Insight by GDIT

Digital modernization starts with the mission, not the digits

Agencies caught in the technical debt of outdated technologies are finding the soundest approach to modernization is not simply to upgrade technology for techno...

Technology refresh, business process improvement, and improving services delivered to customers and constituencies – they’re all inputs to the ongoing modernization efforts at federal agencies. Agencies caught in the technical debt of outdated technologies are finding the soundest approach to modernization is not simply to upgrade technology for technology’s sake, but rather to approach modernization from the outside in. It means looking at the desired service outcome, than reworking process behind the scenes to enable the service, then choosing the best technology to support the process.

Gwen Cadieux, the director of Enterprise IT and Managed Services at GDIT, is a strong proponent of that approach, having seen it succeed across a variety of agencies.

The outside in approach also lets agencies manage another crucial element, namely the budget.

“I think one of the biggest issues is the budgets, not only the size of the budgets, but the budget cycles, and being able to fit the amount of modernization that takes place, or needs to take place with some of our enterprises, and within those budgets,” Cadieux said.

She said that by taking a technology-first approach to modernization, agencies often risk siphoning off dollars unnecessarily by acquiring redundant products. Cadieux cited one agency that had purchased seven network management tools, each for a different segment of the network, each needing its own maintenance and upgrade costs. She cautioned against the “shiny object syndrome” when presented with new products. Better to ask, “Okay, that’s great, but what problem are you trying to solve with that? Do you really need that right now?”

Another risk of adding technology is that it can interfere with technical dependencies within or among complex systems. Cadieux said an integrator like GDIT, with its constellation of best-of-class technology partners, can help an agency strategize technology modernization, taking into account dependencies and refresh cycles. Ideally, this happens within the context of the mission delivery plans that should be driving the product acquisitions.

“We have tools that help us identify those dependencies and keep track of those dependencies as the baseline continues to change,” Cadieux said. For example, she added, “You don’t just start ripping out routers and putting in software defined network routers. You have to plan that out. You have to understand what the implications are across your enterprise.”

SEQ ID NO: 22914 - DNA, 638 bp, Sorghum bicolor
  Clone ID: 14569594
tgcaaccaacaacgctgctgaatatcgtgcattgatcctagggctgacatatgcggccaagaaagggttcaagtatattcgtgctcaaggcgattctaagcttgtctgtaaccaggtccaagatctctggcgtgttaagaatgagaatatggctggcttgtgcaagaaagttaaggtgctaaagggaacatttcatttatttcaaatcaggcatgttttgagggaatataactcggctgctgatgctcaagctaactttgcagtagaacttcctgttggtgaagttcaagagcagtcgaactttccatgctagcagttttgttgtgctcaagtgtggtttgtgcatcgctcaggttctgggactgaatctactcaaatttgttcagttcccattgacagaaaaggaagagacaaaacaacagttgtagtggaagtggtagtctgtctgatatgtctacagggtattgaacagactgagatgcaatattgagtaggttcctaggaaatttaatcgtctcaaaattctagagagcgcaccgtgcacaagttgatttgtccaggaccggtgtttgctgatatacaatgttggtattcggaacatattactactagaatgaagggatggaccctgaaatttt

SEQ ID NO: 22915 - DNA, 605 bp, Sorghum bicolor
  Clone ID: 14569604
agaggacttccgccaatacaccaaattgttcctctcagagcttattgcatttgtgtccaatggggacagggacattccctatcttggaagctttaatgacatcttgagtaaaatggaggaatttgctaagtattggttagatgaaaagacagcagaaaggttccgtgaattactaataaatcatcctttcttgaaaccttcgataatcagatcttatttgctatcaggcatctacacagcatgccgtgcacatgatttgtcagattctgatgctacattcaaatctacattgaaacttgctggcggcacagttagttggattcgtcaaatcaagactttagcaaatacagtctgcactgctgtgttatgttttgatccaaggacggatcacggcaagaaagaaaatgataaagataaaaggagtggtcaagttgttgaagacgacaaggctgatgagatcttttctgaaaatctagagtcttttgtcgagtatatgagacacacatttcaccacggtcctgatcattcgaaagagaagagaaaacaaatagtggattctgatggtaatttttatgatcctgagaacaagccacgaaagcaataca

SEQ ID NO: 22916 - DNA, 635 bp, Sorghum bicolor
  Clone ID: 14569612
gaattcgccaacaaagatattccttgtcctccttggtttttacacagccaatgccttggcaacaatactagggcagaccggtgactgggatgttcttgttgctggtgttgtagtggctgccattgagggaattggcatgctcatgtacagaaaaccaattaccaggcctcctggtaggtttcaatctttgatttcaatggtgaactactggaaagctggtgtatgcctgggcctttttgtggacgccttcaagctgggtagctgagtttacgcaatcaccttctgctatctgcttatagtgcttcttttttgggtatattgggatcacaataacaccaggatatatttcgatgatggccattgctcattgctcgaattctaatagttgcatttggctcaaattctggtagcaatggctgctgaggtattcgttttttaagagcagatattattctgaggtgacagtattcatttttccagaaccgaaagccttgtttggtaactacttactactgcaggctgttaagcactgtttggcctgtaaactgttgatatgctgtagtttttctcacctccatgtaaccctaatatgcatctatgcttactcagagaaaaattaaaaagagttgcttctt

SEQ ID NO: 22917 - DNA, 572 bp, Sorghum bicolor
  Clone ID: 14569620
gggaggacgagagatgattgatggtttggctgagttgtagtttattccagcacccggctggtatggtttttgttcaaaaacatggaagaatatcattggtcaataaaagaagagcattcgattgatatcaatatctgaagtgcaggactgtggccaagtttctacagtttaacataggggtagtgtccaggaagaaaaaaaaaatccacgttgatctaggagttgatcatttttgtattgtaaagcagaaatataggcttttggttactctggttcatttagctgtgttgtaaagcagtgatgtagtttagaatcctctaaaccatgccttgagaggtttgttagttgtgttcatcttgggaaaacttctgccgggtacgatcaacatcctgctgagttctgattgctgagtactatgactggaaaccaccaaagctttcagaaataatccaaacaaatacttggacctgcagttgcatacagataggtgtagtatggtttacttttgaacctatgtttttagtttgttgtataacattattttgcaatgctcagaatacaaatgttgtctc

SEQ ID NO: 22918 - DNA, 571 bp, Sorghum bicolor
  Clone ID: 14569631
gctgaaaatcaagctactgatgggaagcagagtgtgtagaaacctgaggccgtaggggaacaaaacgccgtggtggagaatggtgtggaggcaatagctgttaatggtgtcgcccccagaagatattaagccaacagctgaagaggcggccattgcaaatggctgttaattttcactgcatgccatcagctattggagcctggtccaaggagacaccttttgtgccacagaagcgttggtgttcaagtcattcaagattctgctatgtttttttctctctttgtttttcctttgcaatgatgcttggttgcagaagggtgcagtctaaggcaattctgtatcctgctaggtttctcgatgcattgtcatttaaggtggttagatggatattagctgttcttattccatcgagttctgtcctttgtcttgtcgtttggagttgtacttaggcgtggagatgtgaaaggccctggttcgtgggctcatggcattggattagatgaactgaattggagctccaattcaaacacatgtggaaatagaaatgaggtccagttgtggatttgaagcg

Cadieux said agencies are finding success in the incremental but continuous approach to digital modernization. That means determining a single, mission or service delivery requirement. Then designing the technical means to achieve it. Surprisingly, she said, this can deliver more improvement faster than the outdated grand design, big bang, or waterfall development approaches of the past.

“The true driver is the speed of change, and how quickly you need to get new capabilities, new technologies into an architecture,” Cadieux said. “It’s an iterative process. You don’t really have the time to wait until you get all the way to the end.” In this manner, customers can see progress while offering feedback on the next round of capabilities needed. In other words, use the DevOps or DevSecOps model.

“I think most of our customers are comfortable or familiar enough with the DevSecOps process that it’s not as hard a sell as maybe five or 10 years ago,” Cadieux said.

Cadieux said emerging technologies such as 5G telecom, robotic process automation, and artificial intelligence will transform mission delivery and bring all sorts of new efficiencies to agencies. But agency teams must first establish the mission need, she said.

Important to establishing the mission need, she said, is involving all of the parties with a stake in modernization. That includes the users themselves.

“If you don’t talk to them,” Cadieux said, “you’re missing a huge piece of your of your requirements and information to help inform better decisions about what kind of technologies you may or may not need.”


Approach to Enterprise Modernization

Start [modernization] with the need, or what the problem is that your customer is trying to address. Start there, don't start with the solution. Oftentimes, we get that I call it the shiny object syndrome; something new hits the market. Okay, that's great, but what problem are you trying to solve with that? Do you really need that right now?


Continuous Development

The people who will tell you the honest truth about what's working, what's not working, or where they feel [technology] can better support them are your end users. Those are the folks who know more about it than anybody else, even if you're the CIO.

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